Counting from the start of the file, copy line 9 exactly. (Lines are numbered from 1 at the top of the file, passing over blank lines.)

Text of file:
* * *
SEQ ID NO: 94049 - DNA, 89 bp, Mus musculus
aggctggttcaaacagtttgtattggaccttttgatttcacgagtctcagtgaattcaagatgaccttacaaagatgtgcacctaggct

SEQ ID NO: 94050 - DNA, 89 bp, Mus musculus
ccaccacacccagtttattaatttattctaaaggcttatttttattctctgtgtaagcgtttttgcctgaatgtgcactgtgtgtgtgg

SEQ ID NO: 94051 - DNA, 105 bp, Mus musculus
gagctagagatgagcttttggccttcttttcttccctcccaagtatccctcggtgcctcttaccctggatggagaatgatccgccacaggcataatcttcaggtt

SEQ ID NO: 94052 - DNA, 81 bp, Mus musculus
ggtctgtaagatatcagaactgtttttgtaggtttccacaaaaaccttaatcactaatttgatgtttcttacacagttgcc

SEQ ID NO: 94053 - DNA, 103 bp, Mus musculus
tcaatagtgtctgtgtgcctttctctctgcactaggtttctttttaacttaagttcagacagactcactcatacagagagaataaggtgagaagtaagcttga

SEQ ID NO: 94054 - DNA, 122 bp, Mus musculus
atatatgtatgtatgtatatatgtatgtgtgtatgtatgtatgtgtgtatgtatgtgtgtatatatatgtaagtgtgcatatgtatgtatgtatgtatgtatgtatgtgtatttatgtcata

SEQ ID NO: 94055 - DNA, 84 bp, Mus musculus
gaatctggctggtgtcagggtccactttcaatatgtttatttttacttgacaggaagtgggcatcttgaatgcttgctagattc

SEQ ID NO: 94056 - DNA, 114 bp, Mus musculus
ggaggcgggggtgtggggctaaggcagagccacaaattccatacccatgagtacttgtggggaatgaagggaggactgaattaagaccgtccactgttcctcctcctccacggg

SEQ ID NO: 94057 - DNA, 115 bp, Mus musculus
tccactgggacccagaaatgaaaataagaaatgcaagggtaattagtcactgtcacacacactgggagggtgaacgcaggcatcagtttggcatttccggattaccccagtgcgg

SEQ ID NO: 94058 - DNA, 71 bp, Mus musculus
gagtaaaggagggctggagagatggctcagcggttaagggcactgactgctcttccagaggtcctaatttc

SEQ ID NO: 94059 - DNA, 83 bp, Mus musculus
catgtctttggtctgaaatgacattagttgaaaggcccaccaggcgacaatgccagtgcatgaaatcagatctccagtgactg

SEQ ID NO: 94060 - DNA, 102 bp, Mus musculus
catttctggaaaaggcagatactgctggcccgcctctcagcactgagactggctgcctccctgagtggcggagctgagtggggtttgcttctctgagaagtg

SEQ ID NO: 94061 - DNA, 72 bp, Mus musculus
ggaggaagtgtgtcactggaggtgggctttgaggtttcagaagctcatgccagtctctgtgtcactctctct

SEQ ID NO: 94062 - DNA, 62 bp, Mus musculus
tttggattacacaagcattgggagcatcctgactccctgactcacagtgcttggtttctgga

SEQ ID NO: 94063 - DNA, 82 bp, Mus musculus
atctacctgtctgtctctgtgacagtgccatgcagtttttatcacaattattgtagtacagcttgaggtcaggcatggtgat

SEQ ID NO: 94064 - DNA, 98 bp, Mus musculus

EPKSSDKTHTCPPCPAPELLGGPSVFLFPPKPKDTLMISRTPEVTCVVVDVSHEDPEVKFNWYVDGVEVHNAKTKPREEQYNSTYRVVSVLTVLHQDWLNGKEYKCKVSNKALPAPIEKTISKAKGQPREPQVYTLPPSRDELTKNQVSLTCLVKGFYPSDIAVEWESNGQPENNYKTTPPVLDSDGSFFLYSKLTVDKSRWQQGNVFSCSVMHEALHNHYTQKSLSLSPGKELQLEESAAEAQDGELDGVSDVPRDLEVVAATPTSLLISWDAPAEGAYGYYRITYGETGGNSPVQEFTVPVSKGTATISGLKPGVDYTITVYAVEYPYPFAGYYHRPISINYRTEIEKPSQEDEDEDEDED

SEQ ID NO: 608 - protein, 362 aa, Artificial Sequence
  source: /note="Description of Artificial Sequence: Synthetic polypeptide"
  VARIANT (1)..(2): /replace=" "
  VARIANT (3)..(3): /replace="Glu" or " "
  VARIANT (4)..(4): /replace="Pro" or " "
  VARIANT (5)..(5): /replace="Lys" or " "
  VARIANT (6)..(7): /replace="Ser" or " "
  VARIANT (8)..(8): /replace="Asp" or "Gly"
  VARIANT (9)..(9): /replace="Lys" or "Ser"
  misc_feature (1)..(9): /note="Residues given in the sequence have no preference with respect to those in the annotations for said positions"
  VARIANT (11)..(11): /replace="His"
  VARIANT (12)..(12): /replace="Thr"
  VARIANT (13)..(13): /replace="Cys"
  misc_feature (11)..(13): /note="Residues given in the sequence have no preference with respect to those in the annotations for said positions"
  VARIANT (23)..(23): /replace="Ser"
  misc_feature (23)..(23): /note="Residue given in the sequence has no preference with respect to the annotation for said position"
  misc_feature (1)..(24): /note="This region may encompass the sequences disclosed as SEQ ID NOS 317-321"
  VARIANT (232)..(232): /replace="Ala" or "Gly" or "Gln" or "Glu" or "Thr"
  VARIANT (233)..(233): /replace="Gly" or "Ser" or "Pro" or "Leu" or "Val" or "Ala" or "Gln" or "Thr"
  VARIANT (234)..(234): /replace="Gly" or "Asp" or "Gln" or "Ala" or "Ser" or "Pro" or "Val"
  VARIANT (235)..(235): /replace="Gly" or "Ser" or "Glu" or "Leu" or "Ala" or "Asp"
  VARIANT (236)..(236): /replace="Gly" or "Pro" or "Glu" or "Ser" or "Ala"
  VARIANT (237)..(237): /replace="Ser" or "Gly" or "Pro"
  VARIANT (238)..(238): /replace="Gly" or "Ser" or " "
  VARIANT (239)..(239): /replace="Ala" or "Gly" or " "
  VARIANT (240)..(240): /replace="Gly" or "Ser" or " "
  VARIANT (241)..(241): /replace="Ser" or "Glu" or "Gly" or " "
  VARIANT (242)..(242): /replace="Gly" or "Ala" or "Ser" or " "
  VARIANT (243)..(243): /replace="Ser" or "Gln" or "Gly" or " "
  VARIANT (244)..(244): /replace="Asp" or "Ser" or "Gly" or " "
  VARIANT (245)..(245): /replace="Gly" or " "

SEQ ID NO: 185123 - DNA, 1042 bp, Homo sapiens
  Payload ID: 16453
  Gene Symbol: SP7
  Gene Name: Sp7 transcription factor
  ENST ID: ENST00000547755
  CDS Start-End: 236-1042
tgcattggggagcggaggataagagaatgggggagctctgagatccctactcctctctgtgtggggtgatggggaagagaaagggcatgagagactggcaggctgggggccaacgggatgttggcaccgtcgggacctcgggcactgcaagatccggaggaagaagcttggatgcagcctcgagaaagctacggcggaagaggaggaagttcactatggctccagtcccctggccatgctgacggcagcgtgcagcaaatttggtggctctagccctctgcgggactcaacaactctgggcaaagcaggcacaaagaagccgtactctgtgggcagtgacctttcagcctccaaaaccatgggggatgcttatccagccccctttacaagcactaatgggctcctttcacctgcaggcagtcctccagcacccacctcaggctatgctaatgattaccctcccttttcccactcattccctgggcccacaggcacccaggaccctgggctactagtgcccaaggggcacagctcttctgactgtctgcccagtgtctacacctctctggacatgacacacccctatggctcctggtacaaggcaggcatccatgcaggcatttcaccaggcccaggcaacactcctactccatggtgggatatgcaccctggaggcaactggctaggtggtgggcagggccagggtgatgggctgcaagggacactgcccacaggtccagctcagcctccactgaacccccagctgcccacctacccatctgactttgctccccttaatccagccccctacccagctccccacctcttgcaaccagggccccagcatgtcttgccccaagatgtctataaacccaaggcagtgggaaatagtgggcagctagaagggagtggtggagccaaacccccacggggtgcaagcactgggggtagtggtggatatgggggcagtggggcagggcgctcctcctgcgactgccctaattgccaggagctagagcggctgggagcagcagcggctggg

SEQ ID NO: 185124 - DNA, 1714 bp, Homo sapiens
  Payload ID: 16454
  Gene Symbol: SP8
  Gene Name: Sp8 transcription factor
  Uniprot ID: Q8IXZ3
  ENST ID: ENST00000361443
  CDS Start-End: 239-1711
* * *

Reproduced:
SEQ ID NO: 94053 - DNA, 103 bp, Mus musculus